The Power of Resilience
History can be two things at once: a blessing and a curse. History can be a curse for the short-term stock trader and a benefit for the patient long-term investor. Short-term traders know how quickly short-term volatility can wipe out a portfolio. I prefer to focus on the patient long-term investor for this diatribe. The patient long-term investor has been through more than they realize, and had they possessed the fortitude to stand fast while the world was crumbling around them, they would've been rewarded handsomely.
I never claimed that investing for the long term was easy - because it's not. It's hard, very hard. Long-term investing is not for the weak and timid. It takes great strength to remain steadfast in the face of a financial media juggernaut whose sole ambition is to scare you out of the long-term investment return that your financial goals need.
We live in the most prosperous time in world history, but it doesn't mean that it's been all rainbows and puppy dogs for the long-term investor because they had to invest through some of the most volatile times known to man.
Going all the way back to 1972, you find that you, dear reader, have lived through three separate episodes where the broad equity market in the United States – as measured by the S&P 500 – halved.
When one sees their investments cut in half, hope dissipates rather quickly. It’s bad enough when you see your investment halved once, let alone three times in 50 years!
What three episodes am I speaking about? Well, let's look back at the history you may have forgotten:
- Episode #1 – 1973-74: A grueling 16-month recession that saw the U.S. GDP contract by 3.2%. Inflation bore down on the consumer, while the unemployment rate hovered at 9%/year-over-year. Stagflation was the buzzword of the 70s - which by the way, economists didn't even realize that stagflation could even exist; it was only a theory at that point. The 12-month inflation rate, which had been 3.6% in January 1973, reached 8.7% by December. The S&P 500 during this episode lost 48%
- Episode #2 – 2000-02: Perhaps one of the most extraordinary times for speculation where overhyped companies (i.e., think the .com bubble) were trading at unsustainable levels, which eventually resulted in an epic meltdown culminating with an 80% drop in the NASDAQ. My generation's Pearl Harbor happened on Sept. 11, 2001, and plunged us into a global war against an enemy we could not see. Enron fooled everyone on Wall Street with massive fraud, which morphed into a crisis in the confidence of America's greatest companies. Suddenly no one could trust corporate earnings numbers, which ultimately plunged the markets into crisis mode. The S&P 500 during this episode lost 49%.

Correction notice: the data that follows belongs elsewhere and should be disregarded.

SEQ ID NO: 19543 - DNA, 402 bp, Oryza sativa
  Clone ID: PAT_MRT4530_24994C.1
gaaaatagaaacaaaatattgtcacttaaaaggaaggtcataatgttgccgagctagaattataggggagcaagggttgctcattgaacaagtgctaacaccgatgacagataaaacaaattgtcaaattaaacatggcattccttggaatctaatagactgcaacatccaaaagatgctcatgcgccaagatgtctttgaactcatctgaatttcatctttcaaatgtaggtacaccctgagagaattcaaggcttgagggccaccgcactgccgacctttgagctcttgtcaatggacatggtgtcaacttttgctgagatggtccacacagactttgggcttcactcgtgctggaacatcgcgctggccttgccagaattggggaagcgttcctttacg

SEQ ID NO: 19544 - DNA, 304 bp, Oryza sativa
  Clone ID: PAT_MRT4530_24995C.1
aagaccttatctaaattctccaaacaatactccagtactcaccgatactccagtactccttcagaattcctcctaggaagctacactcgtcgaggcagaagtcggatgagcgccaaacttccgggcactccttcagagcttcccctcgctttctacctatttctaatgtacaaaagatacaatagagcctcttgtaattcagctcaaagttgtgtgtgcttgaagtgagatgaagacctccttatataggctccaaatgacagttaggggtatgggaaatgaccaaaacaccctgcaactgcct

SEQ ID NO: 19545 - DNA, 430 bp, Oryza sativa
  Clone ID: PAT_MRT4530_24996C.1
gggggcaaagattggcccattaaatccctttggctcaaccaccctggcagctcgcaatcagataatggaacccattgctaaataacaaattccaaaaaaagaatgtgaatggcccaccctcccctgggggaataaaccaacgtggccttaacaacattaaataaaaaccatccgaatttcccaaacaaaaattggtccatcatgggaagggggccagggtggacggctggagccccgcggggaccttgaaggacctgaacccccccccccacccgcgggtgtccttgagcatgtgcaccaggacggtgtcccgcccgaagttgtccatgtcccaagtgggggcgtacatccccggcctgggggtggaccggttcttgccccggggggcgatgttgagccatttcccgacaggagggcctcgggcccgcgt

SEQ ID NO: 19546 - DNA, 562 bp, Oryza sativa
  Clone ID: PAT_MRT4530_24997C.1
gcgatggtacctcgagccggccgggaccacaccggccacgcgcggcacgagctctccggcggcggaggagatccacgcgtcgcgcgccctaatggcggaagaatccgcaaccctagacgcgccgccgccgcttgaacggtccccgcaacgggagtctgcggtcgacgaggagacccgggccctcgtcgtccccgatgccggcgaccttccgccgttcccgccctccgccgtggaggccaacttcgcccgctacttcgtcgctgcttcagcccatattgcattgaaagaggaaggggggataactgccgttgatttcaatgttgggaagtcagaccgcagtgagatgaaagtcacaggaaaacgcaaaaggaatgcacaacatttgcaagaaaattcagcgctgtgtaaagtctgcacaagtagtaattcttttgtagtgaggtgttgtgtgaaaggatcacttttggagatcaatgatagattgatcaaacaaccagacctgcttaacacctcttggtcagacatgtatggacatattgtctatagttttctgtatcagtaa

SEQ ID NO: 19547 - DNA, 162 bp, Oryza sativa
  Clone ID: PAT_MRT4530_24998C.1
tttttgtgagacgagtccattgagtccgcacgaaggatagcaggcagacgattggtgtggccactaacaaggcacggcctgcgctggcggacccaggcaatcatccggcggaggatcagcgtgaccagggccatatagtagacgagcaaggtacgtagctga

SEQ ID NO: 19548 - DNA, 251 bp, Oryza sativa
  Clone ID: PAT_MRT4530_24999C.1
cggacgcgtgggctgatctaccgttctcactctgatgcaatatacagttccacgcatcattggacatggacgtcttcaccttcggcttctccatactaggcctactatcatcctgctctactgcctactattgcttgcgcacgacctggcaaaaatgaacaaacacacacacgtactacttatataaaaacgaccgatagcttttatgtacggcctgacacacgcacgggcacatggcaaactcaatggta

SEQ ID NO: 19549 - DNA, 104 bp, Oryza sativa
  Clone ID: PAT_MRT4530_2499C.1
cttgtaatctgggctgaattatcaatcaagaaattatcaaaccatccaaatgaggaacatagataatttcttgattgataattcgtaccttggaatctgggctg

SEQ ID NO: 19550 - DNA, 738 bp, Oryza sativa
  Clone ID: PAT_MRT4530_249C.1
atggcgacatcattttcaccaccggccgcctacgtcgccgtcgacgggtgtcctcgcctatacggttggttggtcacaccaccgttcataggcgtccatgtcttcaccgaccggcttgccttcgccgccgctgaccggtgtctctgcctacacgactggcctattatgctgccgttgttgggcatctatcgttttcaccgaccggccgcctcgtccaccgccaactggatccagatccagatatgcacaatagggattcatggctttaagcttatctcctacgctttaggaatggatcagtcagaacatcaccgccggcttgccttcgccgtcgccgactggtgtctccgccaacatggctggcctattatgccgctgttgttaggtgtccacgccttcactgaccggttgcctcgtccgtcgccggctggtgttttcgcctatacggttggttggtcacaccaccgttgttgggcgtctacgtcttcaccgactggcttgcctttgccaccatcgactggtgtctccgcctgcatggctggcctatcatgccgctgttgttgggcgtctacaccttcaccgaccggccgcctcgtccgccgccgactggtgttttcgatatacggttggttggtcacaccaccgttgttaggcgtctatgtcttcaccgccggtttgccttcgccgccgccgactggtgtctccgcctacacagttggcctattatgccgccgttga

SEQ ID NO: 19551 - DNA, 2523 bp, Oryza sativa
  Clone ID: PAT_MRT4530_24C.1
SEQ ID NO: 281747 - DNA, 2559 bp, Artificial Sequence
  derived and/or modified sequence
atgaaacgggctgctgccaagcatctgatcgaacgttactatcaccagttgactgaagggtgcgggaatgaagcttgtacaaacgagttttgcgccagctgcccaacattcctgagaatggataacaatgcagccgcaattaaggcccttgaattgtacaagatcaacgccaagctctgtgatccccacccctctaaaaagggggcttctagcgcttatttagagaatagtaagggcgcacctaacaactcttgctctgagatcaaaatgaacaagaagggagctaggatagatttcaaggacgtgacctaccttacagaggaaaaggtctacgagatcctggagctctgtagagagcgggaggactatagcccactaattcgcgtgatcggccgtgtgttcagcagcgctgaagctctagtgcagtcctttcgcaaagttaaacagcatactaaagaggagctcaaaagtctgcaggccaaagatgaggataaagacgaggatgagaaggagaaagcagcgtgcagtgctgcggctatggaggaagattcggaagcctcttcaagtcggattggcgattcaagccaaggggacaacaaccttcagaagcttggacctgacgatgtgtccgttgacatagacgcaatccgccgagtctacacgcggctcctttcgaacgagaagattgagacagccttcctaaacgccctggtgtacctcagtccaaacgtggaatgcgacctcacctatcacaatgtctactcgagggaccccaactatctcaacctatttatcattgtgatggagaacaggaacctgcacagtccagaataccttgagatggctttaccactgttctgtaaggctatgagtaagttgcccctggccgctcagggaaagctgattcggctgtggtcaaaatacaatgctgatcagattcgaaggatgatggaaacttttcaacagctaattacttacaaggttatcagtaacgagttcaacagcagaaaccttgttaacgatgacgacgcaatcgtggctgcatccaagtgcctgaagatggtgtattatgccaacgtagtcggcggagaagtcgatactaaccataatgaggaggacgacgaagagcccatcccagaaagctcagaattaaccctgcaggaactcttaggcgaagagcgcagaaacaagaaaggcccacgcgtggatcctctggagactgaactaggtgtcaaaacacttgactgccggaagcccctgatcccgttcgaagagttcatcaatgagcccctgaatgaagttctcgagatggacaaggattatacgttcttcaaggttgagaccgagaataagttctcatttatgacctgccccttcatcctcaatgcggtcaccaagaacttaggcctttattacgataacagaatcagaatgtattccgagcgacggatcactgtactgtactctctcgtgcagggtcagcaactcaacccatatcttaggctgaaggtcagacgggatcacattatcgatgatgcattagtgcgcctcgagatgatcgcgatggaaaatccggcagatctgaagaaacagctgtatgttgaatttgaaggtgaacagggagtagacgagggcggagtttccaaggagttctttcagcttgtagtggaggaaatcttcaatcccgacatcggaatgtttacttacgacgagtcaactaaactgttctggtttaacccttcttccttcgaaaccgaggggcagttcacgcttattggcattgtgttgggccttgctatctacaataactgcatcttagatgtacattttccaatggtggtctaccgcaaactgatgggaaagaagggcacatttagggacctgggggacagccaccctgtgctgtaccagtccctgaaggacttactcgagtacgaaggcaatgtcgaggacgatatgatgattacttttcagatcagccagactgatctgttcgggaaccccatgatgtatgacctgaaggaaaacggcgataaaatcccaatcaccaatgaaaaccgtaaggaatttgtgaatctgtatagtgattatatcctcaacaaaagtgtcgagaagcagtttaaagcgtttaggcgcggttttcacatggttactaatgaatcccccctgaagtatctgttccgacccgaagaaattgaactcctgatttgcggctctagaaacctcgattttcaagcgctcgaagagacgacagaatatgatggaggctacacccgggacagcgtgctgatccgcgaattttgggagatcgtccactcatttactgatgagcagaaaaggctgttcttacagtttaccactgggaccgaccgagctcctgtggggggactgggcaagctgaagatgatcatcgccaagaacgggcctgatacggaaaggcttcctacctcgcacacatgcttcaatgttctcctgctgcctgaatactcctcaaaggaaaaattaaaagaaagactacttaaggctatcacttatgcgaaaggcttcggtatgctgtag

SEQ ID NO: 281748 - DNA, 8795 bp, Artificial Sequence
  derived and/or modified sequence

- Episode #3 – 2007-09: It was called The Great Recession. Perhaps the greatest crisis since the Great Depression was when the global financial system ceased functioning, and the massive subprime mortgage market collapsed, bankrupting one of Wall Street's most iconic financial institutions – Lehman Brothers. The longest (18 months) and deepest U.S. recession since the 1930s dragged GDP down 5.1%. Unemployment topped 10%. The S&P 500 during this episode lost 57%
And yet, over the last 50 years, these three crises where the S&P 500 halved is only one part of the story. Today we sit at levels (up to and including yesterday) that are over 32 times higher than when these crises began. On 12/31/72, the S&P 500 Index stood at 118; yesterday, it closed at 3839. You are welcome to check my math, but you'll likely find it accurate.
Another important measurement of the value of the great companies of America as represented in the S&P 500 Index is their earnings. In 1972 earnings were $6.17. Fast forward to 2022, and they are estimated to finish at around $215, a gain of nearly 34 times. Dividends of the S&P 500 companies tell a similar story; they increased from $3.19 to an estimated $65 in 2022, or 20 times greater than when these crises began.
Consider the S&P 500's gains against a nightmare scenario for any recent retiree of elevated inflation levels during a multi-decade retirement. The Consumer Price Index (CPI), which ended 1972 at 43 and today stands at 299, is an increase of 7 times. In other words, the great American companies that make up the S&P 500 Index have beaten inflation into a ball of slimy pulp.
Given that mainstream media's incessant drum beat of "buy and hold is dead," the facts don't justify that drumbeat. The hardest habit you can acquire in long-term investing is resiliency. Being resilient can change the curse of short-term volatility into the blessing of superior long-term returns if the long-term investor has patience.
Which begs the question – Do you have resilience?
Stay the course, my friends.